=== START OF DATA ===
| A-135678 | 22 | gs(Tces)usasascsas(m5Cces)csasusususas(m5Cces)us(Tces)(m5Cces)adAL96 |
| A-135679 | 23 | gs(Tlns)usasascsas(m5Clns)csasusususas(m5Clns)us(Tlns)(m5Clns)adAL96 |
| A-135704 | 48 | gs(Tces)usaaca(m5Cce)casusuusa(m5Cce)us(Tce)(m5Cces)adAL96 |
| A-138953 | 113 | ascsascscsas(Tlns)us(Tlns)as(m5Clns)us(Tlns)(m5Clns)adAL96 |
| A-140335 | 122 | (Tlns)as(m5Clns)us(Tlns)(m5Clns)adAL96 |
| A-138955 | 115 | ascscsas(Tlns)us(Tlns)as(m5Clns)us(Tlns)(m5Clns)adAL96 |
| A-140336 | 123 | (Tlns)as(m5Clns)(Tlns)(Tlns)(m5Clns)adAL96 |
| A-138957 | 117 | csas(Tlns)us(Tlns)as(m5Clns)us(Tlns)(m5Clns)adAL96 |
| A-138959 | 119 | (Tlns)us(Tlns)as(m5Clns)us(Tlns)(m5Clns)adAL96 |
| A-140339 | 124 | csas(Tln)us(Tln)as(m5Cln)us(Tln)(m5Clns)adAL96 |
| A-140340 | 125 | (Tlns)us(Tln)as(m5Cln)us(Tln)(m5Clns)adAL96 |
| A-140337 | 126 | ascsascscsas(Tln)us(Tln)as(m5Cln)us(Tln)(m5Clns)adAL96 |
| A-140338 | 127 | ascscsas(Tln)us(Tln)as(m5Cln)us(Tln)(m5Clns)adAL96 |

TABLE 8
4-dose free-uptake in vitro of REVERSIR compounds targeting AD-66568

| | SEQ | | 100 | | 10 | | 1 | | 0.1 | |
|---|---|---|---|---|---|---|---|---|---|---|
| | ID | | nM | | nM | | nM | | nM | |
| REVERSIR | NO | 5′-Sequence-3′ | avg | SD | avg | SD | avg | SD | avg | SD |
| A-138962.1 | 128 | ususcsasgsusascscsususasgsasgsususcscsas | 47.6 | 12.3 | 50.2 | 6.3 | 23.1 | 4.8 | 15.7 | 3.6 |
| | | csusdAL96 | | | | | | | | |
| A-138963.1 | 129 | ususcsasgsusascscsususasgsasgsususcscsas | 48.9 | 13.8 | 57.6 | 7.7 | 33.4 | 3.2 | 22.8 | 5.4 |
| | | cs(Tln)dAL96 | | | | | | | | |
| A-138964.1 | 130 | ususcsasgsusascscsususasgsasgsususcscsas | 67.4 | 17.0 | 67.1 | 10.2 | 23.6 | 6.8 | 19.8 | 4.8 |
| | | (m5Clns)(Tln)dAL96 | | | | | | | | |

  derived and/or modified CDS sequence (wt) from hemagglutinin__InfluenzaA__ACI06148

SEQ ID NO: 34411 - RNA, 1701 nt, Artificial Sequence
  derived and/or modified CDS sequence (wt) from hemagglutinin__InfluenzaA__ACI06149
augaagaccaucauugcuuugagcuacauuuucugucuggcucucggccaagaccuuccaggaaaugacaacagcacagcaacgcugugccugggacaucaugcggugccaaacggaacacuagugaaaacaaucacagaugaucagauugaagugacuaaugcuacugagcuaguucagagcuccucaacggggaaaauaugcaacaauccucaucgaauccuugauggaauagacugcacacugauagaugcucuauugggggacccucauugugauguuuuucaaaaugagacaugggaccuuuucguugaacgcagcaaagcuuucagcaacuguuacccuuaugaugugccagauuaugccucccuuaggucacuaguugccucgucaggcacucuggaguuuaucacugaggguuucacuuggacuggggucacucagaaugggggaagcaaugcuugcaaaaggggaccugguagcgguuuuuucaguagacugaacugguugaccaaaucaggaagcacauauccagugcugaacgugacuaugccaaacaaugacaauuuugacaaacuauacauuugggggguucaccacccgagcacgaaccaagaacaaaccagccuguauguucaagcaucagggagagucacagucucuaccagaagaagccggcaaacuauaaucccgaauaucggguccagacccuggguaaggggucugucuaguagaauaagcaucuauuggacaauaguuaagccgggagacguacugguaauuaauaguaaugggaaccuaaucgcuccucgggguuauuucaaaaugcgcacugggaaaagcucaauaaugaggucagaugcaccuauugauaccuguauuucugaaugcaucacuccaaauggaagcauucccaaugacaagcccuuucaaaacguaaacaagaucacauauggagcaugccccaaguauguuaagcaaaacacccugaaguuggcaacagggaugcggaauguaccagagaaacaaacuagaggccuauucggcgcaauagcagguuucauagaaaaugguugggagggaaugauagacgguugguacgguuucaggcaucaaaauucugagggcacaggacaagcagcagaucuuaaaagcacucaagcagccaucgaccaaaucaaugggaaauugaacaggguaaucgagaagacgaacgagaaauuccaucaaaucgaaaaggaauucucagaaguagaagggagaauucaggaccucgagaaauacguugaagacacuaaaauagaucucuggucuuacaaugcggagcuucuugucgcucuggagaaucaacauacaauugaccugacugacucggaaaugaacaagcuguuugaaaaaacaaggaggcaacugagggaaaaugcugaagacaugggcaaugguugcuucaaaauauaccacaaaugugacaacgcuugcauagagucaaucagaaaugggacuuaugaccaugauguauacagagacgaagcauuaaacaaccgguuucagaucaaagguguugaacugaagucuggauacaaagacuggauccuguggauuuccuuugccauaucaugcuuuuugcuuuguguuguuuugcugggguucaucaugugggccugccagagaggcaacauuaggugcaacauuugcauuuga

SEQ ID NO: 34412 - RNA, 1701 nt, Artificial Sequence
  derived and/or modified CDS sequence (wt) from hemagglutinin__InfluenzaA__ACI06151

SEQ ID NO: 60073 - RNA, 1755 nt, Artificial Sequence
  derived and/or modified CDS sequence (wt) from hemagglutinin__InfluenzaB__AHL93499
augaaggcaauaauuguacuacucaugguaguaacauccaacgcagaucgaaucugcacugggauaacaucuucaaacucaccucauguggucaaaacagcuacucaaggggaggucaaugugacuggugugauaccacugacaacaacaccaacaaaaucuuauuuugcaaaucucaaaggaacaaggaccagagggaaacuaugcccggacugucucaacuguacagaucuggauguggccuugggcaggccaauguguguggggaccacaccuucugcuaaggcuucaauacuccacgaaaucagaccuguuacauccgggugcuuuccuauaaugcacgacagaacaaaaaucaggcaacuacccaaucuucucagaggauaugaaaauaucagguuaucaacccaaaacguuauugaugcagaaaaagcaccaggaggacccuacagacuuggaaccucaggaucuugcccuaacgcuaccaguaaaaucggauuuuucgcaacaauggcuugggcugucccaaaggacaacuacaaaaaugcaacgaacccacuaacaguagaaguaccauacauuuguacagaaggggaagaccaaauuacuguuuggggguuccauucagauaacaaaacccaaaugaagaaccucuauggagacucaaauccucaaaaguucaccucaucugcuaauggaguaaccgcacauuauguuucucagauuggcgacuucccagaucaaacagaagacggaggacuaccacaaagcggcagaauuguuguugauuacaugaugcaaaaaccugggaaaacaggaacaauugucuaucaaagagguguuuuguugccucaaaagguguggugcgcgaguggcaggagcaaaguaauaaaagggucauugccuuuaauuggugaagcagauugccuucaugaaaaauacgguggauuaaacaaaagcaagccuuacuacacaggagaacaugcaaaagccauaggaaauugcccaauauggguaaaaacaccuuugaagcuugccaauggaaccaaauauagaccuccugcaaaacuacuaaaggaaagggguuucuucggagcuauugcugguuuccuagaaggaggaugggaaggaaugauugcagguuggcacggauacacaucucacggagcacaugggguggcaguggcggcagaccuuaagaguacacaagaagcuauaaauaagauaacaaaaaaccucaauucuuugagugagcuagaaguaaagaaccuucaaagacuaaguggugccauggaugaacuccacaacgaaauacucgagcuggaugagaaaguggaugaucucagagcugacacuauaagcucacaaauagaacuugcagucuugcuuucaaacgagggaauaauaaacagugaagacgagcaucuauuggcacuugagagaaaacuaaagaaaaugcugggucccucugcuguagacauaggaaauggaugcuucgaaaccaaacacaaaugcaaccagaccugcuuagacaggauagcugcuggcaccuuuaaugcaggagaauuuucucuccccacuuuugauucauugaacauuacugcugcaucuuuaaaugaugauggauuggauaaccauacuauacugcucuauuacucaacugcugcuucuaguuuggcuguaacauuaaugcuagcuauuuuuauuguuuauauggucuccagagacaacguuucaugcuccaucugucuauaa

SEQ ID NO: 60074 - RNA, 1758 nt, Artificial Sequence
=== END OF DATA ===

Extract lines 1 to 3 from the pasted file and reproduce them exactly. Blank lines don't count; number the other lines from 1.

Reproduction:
| A-135678 | 22 | gs(Tces)usasascsas(m5Cces)csasusususas(m5Cces)us(Tces)(m5Cces)adAL96 |
| A-135679 | 23 | gs(Tlns)usasascsas(m5Clns)csasusususas(m5Clns)us(Tlns)(m5Clns)adAL96 |
| A-135704 | 48 | gs(Tces)usaaca(m5Cce)casusuusa(m5Cce)us(Tce)(m5Cces)adAL96 |